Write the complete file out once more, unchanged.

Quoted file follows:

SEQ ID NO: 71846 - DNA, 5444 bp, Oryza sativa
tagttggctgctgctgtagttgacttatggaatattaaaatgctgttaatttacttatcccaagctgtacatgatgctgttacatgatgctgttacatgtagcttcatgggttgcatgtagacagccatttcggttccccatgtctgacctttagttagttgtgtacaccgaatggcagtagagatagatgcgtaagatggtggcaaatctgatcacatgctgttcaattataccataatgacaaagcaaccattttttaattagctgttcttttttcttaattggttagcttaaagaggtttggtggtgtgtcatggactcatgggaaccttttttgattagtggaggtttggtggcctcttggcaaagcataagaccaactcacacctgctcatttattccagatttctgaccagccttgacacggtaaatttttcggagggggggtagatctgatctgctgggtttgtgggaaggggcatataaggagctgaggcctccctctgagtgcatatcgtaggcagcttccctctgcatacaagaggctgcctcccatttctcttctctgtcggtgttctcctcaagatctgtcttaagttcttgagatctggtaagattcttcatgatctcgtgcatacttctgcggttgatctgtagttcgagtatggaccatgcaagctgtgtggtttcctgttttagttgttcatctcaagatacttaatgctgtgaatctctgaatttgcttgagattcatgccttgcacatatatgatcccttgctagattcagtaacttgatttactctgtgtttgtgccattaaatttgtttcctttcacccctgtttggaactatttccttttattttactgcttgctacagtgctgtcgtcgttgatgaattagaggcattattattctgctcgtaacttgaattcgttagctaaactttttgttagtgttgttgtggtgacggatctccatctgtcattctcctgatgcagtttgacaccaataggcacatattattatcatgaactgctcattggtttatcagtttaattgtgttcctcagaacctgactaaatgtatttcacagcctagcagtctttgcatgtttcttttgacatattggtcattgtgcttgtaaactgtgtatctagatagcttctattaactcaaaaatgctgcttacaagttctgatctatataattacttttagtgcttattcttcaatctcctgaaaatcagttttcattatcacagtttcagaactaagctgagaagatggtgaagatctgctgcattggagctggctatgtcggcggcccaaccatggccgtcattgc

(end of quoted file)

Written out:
SEQ ID NO: 71846 - DNA, 5444 bp, Oryza sativa
tagttggctgctgctgtagttgacttatggaatattaaaatgctgttaatttacttatcccaagctgtacatgatgctgttacatgatgctgttacatgtagcttcatgggttgcatgtagacagccatttcggttccccatgtctgacctttagttagttgtgtacaccgaatggcagtagagatagatgcgtaagatggtggcaaatctgatcacatgctgttcaattataccataatgacaaagcaaccattttttaattagctgttcttttttcttaattggttagcttaaagaggtttggtggtgtgtcatggactcatgggaaccttttttgattagtggaggtttggtggcctcttggcaaagcataagaccaactcacacctgctcatttattccagatttctgaccagccttgacacggtaaatttttcggagggggggtagatctgatctgctgggtttgtgggaaggggcatataaggagctgaggcctccctctgagtgcatatcgtaggcagcttccctctgcatacaagaggctgcctcccatttctcttctctgtcggtgttctcctcaagatctgtcttaagttcttgagatctggtaagattcttcatgatctcgtgcatacttctgcggttgatctgtagttcgagtatggaccatgcaagctgtgtggtttcctgttttagttgttcatctcaagatacttaatgctgtgaatctctgaatttgcttgagattcatgccttgcacatatatgatcccttgctagattcagtaacttgatttactctgtgtttgtgccattaaatttgtttcctttcacccctgtttggaactatttccttttattttactgcttgctacagtgctgtcgtcgttgatgaattagaggcattattattctgctcgtaacttgaattcgttagctaaactttttgttagtgttgttgtggtgacggatctccatctgtcattctcctgatgcagtttgacaccaataggcacatattattatcatgaactgctcattggtttatcagtttaattgtgttcctcagaacctgactaaatgtatttcacagcctagcagtctttgcatgtttcttttgacatattggtcattgtgcttgtaaactgtgtatctagatagcttctattaactcaaaaatgctgcttacaagttctgatctatataattacttttagtgcttattcttcaatctcctgaaaatcagttttcattatcacagtttcagaactaagctgagaagatggtgaagatctgctgcattggagctggctatgtcggcggcccaaccatggccgtcattgc